Date of Completion


Embargo Period



Dyslexia, Creativity, Visual-Spatial Ability, Positive Psychology

Major Advisor

Melissa Bray

Associate Advisor

James Kaufman

Associate Advisor

Michael Coyne

Field of Study

Educational Psychology


Doctor of Philosophy

Open Access

Open Access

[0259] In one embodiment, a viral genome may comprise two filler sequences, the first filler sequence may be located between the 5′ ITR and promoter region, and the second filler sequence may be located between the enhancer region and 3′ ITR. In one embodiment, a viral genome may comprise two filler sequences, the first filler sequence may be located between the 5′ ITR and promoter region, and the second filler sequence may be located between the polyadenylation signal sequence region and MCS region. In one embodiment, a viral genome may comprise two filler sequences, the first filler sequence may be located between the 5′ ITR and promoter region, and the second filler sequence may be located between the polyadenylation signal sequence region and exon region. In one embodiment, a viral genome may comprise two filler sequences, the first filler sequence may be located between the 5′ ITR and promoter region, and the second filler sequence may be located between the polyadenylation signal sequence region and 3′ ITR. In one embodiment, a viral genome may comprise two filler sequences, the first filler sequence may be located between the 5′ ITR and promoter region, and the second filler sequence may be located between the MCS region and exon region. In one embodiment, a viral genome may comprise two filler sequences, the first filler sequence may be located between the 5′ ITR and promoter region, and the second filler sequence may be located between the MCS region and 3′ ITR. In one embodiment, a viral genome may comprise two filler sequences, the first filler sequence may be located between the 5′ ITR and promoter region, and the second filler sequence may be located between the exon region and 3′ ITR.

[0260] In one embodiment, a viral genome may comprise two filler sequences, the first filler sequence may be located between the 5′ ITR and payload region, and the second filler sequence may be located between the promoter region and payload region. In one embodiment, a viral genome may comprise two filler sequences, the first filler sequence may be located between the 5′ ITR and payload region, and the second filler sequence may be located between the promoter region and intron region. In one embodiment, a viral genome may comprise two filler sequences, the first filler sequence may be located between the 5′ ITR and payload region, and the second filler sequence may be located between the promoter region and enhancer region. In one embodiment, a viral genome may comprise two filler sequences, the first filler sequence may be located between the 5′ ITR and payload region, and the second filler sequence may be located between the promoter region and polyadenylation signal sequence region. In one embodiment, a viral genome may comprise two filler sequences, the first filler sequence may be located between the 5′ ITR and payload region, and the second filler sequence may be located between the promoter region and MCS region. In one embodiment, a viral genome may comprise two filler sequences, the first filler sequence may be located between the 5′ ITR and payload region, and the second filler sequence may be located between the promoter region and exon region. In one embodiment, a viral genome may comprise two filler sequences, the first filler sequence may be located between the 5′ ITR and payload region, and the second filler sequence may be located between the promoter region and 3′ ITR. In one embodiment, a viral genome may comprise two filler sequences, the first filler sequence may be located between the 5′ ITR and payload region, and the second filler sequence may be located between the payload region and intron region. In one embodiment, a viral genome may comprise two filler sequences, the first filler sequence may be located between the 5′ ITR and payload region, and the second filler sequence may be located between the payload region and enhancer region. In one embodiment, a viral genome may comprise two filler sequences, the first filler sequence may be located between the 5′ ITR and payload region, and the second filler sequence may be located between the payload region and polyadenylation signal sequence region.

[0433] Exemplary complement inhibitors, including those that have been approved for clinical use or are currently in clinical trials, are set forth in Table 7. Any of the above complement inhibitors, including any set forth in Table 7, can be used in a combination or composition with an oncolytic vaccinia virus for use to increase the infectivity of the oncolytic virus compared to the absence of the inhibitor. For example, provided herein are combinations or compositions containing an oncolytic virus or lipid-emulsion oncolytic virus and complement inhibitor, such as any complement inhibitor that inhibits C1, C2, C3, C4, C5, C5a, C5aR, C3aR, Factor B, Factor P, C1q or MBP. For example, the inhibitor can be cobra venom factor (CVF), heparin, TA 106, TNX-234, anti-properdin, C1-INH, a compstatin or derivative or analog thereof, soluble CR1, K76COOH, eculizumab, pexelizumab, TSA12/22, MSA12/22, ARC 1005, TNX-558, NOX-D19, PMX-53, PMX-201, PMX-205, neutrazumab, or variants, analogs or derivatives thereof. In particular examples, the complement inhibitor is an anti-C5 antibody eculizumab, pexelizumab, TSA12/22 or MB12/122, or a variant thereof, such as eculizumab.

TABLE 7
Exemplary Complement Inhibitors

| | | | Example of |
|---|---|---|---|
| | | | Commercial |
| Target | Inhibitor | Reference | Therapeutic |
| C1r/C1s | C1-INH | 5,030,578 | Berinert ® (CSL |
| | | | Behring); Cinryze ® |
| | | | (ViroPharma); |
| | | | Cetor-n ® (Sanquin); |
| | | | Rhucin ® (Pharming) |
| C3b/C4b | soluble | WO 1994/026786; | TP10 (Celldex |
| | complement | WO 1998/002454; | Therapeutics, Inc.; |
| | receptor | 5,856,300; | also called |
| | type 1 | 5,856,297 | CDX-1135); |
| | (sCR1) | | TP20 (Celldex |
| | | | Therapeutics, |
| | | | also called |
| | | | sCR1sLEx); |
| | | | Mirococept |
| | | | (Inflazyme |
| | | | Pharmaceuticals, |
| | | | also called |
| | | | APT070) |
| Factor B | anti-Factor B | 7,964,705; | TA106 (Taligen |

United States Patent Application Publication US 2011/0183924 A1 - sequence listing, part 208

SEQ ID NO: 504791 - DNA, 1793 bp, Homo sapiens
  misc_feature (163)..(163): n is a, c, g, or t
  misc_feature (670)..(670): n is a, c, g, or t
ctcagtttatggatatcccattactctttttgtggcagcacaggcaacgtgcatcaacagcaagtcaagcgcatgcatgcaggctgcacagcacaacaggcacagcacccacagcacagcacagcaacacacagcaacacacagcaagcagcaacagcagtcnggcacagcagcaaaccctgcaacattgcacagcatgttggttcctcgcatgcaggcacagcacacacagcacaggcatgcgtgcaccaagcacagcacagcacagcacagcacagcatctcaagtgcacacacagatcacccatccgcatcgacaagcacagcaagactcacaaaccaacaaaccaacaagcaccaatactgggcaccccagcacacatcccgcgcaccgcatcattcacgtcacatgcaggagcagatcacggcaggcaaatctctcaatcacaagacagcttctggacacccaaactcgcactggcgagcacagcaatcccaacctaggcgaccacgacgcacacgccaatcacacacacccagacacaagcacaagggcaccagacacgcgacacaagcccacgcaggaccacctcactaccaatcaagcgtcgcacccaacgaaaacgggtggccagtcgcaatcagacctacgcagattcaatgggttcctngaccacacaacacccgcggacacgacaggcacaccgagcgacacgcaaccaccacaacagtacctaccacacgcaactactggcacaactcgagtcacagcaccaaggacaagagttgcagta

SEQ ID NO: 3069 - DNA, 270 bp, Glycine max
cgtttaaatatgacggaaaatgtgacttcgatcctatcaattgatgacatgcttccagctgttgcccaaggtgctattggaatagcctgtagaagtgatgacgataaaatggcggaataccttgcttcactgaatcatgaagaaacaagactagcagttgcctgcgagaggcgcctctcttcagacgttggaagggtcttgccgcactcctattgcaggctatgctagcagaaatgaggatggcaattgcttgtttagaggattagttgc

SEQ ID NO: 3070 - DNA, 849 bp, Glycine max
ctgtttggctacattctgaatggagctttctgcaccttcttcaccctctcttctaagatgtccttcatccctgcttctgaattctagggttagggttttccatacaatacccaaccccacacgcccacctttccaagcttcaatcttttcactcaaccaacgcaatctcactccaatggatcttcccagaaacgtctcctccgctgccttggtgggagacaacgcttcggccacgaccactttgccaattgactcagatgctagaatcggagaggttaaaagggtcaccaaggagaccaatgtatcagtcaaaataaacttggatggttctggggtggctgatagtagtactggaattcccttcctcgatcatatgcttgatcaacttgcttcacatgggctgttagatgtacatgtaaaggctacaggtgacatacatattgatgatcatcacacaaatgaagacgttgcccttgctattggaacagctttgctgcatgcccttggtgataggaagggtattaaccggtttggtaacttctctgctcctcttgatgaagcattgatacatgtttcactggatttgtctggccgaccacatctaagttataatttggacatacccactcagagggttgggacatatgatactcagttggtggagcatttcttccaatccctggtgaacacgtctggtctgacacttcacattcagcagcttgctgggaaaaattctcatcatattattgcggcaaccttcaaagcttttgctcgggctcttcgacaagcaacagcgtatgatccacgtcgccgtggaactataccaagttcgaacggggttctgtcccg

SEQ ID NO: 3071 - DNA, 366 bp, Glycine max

When a student has a learning disability in reading and or dyslexia, interventions focus on remediating the weakness. Positive psychology is a field of psychology that looks to help people, based on harnessing a person's strengths, to create better outcomes. Strengths-based or asset-based interventions have been used with people with developmental disabilities to learn new skills. This study hoped to help identify strengths for people with dyslexia in two areas that have been hypothesized to be strengths for them: creativity and visual-spatial ability. Creativity has typically been assessed with domain-general measures rather than actual measures of creativity. Similarly, visual-spatial ability has been measured with paper-and-pencil tests. Eide and Eide (2011) have suggested that students with dyslexia may be better able to demonstrate their strengths using real-world measures. The purpose of this study was to compare the performance of students with and without dyslexia using real-world products. More specifically, the goals were to see if they had different patterns of creative abilities; to assess in what areas they differed between groups; and, within the dyslexia group, to identify where their strengths lay. An additional question inquired about the difference between a psychometrically validated visual-spatial measure, and a real-world three-dimensional creative product. The two groups had different patterns of strengths and differed within the written domain; significant results were not found within the dyslexia group, and visual-spatial ability did not differ between group or domain; educational implications are discussed.